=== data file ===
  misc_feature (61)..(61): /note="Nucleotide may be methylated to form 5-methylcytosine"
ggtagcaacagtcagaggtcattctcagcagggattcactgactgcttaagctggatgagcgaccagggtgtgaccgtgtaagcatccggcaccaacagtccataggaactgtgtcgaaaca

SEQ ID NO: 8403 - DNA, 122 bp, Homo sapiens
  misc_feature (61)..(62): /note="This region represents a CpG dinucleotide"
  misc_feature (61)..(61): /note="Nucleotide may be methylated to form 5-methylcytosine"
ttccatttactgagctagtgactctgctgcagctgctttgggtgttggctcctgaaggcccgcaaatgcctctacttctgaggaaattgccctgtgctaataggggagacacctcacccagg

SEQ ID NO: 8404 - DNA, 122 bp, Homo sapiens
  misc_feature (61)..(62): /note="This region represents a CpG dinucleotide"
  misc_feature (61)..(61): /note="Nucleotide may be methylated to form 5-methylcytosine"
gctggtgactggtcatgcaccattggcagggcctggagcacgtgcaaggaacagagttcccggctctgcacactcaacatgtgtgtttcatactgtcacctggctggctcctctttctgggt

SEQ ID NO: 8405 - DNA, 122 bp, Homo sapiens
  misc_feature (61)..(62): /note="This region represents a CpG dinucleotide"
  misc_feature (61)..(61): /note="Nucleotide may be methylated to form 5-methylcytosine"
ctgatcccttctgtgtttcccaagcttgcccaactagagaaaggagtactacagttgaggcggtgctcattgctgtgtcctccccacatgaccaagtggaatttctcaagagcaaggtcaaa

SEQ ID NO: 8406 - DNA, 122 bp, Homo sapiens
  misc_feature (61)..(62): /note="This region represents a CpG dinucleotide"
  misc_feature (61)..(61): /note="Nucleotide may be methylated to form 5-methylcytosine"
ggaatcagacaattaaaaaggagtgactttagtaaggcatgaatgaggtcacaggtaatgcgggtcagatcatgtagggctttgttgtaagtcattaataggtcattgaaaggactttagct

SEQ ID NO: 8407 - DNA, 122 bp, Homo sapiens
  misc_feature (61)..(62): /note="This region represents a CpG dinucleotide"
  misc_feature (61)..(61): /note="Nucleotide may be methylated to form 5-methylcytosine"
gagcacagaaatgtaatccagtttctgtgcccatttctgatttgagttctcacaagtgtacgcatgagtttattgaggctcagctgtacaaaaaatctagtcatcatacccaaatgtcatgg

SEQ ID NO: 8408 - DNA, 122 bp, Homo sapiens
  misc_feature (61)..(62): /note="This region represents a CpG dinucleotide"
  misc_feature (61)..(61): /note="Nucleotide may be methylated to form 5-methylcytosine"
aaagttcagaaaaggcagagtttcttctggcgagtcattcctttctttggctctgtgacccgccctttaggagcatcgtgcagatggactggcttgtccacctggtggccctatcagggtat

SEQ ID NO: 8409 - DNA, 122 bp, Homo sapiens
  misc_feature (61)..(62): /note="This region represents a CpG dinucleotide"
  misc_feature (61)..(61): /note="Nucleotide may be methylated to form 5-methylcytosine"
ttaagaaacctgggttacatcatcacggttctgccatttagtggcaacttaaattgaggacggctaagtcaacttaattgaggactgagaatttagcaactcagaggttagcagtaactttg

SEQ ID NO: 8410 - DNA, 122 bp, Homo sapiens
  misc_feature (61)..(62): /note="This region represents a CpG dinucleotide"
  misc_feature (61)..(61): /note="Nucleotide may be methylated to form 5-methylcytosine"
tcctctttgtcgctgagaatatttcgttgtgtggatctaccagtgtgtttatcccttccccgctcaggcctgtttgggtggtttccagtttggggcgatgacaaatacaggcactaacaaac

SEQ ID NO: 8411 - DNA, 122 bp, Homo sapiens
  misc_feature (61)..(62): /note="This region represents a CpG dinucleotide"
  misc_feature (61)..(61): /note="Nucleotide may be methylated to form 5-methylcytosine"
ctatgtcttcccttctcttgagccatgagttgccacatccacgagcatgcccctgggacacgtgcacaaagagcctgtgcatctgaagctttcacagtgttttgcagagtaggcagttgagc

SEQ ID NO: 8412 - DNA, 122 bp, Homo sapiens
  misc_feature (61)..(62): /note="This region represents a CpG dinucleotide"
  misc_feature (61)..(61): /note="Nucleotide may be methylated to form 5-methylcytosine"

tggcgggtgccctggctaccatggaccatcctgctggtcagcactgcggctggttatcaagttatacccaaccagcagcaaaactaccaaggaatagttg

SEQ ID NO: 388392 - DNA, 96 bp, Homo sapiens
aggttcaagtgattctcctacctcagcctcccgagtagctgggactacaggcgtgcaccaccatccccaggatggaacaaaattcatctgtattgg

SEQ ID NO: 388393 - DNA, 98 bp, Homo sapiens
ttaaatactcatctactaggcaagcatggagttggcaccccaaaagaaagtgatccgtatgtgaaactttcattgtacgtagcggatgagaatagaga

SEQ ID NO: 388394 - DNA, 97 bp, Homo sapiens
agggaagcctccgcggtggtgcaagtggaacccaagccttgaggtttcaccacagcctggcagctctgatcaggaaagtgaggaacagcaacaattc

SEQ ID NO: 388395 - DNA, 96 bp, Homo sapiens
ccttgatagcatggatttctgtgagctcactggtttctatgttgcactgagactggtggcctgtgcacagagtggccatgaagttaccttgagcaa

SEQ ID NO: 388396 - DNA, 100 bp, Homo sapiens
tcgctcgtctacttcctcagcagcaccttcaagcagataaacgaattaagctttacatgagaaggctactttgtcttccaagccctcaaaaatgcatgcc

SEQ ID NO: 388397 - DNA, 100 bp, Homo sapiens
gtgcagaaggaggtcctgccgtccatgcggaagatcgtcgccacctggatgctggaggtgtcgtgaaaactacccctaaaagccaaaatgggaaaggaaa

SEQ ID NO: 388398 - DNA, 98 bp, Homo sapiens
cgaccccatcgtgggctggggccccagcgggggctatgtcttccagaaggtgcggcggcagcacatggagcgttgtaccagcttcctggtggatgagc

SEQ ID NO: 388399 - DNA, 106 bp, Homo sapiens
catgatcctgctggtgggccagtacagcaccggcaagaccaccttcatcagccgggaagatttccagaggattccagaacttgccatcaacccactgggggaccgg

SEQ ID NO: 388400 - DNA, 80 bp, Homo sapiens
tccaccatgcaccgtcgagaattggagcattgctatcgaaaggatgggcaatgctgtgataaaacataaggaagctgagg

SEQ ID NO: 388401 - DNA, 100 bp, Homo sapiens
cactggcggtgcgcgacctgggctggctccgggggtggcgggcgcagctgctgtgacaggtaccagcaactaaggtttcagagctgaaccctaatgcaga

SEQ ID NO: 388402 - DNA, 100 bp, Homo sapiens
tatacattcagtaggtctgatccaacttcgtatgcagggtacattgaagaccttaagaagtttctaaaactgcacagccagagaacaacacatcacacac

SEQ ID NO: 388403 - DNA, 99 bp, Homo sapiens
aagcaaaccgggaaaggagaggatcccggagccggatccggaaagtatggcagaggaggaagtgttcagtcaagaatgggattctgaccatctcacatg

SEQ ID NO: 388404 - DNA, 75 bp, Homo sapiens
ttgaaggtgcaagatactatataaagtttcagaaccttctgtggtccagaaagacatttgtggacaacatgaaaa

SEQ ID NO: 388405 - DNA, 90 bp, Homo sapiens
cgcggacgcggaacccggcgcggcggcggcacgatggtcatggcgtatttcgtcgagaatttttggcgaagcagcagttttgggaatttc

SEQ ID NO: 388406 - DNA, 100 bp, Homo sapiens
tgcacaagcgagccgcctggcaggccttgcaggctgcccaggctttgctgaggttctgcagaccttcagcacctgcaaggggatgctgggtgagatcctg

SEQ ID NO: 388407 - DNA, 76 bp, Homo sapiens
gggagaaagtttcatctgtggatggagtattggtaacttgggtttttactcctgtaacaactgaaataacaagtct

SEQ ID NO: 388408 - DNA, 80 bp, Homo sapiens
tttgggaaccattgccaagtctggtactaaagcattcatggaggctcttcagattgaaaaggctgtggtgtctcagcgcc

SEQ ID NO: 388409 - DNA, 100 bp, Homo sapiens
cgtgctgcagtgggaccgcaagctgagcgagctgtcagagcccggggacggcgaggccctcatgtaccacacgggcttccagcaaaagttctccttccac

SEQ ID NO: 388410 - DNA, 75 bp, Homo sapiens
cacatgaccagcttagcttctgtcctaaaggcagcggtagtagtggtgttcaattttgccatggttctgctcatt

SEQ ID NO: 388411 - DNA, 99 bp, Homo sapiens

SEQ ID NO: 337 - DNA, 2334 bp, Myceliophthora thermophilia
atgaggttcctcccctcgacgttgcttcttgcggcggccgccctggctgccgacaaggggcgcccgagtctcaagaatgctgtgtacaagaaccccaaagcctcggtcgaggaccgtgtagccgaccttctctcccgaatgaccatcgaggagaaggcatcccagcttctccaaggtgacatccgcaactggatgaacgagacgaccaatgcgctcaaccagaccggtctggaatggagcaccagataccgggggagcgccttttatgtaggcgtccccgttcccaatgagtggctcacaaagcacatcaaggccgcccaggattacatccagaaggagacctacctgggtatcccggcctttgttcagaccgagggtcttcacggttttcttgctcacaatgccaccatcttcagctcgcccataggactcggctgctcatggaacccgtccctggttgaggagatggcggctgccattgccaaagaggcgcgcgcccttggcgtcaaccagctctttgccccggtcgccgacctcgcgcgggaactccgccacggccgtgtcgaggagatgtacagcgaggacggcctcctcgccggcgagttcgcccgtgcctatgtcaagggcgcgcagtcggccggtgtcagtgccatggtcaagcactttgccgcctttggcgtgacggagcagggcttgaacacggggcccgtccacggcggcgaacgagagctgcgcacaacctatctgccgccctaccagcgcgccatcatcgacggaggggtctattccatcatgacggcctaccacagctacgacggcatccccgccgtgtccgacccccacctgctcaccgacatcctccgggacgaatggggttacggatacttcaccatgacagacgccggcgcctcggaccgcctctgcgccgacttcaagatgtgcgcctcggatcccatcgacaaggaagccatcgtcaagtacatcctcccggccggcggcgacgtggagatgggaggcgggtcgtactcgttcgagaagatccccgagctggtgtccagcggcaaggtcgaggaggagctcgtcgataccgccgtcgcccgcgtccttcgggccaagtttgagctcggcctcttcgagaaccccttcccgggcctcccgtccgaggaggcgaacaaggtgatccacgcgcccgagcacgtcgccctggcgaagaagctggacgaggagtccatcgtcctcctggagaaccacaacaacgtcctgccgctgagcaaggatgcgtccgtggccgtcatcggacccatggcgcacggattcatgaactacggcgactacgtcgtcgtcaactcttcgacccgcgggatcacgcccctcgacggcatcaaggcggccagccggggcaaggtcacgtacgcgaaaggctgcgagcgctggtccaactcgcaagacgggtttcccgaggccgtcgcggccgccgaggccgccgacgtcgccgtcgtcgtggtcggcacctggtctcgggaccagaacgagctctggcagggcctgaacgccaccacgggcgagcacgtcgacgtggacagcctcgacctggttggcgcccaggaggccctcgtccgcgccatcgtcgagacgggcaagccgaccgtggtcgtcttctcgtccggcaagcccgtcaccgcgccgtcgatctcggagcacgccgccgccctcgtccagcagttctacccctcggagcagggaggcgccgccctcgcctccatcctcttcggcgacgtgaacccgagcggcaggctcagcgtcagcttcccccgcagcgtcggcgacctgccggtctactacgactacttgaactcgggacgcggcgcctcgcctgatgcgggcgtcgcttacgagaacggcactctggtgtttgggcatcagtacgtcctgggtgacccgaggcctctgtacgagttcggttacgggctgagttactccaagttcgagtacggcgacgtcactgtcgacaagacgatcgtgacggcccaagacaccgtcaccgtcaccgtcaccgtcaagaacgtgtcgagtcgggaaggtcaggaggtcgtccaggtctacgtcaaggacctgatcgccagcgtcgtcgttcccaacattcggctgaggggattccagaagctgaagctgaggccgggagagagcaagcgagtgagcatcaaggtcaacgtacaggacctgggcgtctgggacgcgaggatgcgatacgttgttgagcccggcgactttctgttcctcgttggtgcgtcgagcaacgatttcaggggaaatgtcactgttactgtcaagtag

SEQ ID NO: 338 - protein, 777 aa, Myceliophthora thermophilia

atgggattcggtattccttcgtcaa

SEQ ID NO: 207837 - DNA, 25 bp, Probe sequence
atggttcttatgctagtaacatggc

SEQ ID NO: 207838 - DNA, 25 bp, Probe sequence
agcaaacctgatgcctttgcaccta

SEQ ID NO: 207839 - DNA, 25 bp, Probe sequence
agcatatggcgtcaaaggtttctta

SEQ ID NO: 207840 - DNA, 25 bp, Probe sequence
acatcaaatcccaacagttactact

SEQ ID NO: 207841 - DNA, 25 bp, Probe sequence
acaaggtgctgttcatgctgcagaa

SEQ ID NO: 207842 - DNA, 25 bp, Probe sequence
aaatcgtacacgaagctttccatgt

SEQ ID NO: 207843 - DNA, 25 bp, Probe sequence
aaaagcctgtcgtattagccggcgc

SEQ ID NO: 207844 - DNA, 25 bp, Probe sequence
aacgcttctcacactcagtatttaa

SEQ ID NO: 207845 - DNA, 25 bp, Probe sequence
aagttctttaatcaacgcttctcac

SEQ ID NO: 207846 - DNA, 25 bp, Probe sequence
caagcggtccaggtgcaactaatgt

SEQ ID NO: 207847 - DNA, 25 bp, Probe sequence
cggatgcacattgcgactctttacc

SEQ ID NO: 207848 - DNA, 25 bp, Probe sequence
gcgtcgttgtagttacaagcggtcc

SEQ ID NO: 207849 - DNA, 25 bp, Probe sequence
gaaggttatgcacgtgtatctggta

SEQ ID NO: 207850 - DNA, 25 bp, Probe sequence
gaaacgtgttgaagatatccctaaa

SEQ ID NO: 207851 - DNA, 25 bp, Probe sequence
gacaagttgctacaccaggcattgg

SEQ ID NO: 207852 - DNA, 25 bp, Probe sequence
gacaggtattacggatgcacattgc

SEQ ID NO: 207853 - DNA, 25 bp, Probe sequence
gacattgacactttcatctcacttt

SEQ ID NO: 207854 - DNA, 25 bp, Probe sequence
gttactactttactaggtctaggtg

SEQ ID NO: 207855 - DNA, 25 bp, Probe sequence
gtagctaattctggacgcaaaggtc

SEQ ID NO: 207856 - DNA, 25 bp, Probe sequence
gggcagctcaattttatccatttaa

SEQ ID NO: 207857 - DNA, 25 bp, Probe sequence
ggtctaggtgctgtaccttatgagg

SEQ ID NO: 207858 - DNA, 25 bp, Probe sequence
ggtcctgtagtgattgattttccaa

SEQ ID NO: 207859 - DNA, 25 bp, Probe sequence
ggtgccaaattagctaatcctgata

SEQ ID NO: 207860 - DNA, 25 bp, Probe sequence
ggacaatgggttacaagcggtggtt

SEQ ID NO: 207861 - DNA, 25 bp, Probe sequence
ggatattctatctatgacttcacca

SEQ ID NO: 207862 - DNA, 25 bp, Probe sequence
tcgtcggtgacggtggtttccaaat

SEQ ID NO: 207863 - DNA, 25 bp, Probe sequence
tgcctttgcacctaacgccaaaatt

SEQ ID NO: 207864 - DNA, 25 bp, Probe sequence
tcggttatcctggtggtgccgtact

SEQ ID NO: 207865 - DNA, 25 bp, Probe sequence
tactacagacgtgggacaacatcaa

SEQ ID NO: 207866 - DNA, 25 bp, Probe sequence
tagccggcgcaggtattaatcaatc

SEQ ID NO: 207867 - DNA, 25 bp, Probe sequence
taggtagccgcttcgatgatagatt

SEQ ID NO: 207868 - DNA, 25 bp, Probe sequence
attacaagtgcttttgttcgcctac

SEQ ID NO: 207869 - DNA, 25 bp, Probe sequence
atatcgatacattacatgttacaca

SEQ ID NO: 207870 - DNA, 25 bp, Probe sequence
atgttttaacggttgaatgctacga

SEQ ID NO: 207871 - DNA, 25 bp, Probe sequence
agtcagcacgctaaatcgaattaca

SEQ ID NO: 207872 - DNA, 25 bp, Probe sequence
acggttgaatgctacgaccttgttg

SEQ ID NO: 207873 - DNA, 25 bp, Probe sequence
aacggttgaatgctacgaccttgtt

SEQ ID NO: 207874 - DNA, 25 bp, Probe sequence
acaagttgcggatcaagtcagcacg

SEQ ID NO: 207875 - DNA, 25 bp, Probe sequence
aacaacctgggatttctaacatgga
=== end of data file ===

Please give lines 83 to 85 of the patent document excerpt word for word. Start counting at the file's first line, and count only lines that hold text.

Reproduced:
atgaggttcctcccctcgacgttgcttcttgcggcggccgccctggctgccgacaaggggcgcccgagtctcaagaatgctgtgtacaagaaccccaaagcctcggtcgaggaccgtgtagccgaccttctctcccgaatgaccatcgaggagaaggcatcccagcttctccaaggtgacatccgcaactggatgaacgagacgaccaatgcgctcaaccagaccggtctggaatggagcaccagataccgggggagcgccttttatgtaggcgtccccgttcccaatgagtggctcacaaagcacatcaaggccgcccaggattacatccagaaggagacctacctgggtatcccggcctttgttcagaccgagggtcttcacggttttcttgctcacaatgccaccatcttcagctcgcccataggactcggctgctcatggaacccgtccctggttgaggagatggcggctgccattgccaaagaggcgcgcgcccttggcgtcaaccagctctttgccccggtcgccgacctcgcgcgggaactccgccacggccgtgtcgaggagatgtacagcgaggacggcctcctcgccggcgagttcgcccgtgcctatgtcaagggcgcgcagtcggccggtgtcagtgccatggtcaagcactttgccgcctttggcgtgacggagcagggcttgaacacggggcccgtccacggcggcgaacgagagctgcgcacaacctatctgccgccctaccagcgcgccatcatcgacggaggggtctattccatcatgacggcctaccacagctacgacggcatccccgccgtgtccgacccccacctgctcaccgacatcctccgggacgaatggggttacggatacttcaccatgacagacgccggcgcctcggaccgcctctgcgccgacttcaagatgtgcgcctcggatcccatcgacaaggaagccatcgtcaagtacatcctcccggccggcggcgacgtggagatgggaggcgggtcgtactcgttcgagaagatccccgagctggtgtccagcggcaaggtcgaggaggagctcgtcgataccgccgtcgcccgcgtccttcgggccaagtttgagctcggcctcttcgagaaccccttcccgggcctcccgtccgaggaggcgaacaaggtgatccacgcgcccgagcacgtcgccctggcgaagaagctggacgaggagtccatcgtcctcctggagaaccacaacaacgtcctgccgctgagcaaggatgcgtccgtggccgtcatcggacccatggcgcacggattcatgaactacggcgactacgtcgtcgtcaactcttcgacccgcgggatcacgcccctcgacggcatcaaggcggccagccggggcaaggtcacgtacgcgaaaggctgcgagcgctggtccaactcgcaagacgggtttcccgaggccgtcgcggccgccgaggccgccgacgtcgccgtcgtcgtggtcggcacctggtctcgggaccagaacgagctctggcagggcctgaacgccaccacgggcgagcacgtcgacgtggacagcctcgacctggttggcgcccaggaggccctcgtccgcgccatcgtcgagacgggcaagccgaccgtggtcgtcttctcgtccggcaagcccgtcaccgcgccgtcgatctcggagcacgccgccgccctcgtccagcagttctacccctcggagcagggaggcgccgccctcgcctccatcctcttcggcgacgtgaacccgagcggcaggctcagcgtcagcttcccccgcagcgtcggcgacctgccggtctactacgactacttgaactcgggacgcggcgcctcgcctgatgcgggcgtcgcttacgagaacggcactctggtgtttgggcatcagtacgtcctgggtgacccgaggcctctgtacgagttcggttacgggctgagttactccaagttcgagtacggcgacgtcactgtcgacaagacgatcgtgacggcccaagacaccgtcaccgtcaccgtcaccgtcaagaacgtgtcgagtcgggaaggtcaggaggtcgtccaggtctacgtcaaggacctgatcgccagcgtcgtcgttcccaacattcggctgaggggattccagaagctgaagctgaggccgggagagagcaagcgagtgagcatcaaggtcaacgtacaggacctgggcgtctgggacgcgaggatgcgatacgttgttgagcccggcgactttctgttcctcgttggtgcgtcgagcaacgatttcaggggaaatgtcactgttactgtcaagtag

SEQ ID NO: 338 - protein, 777 aa, Myceliophthora thermophilia

atgggattcggtattccttcgtcaa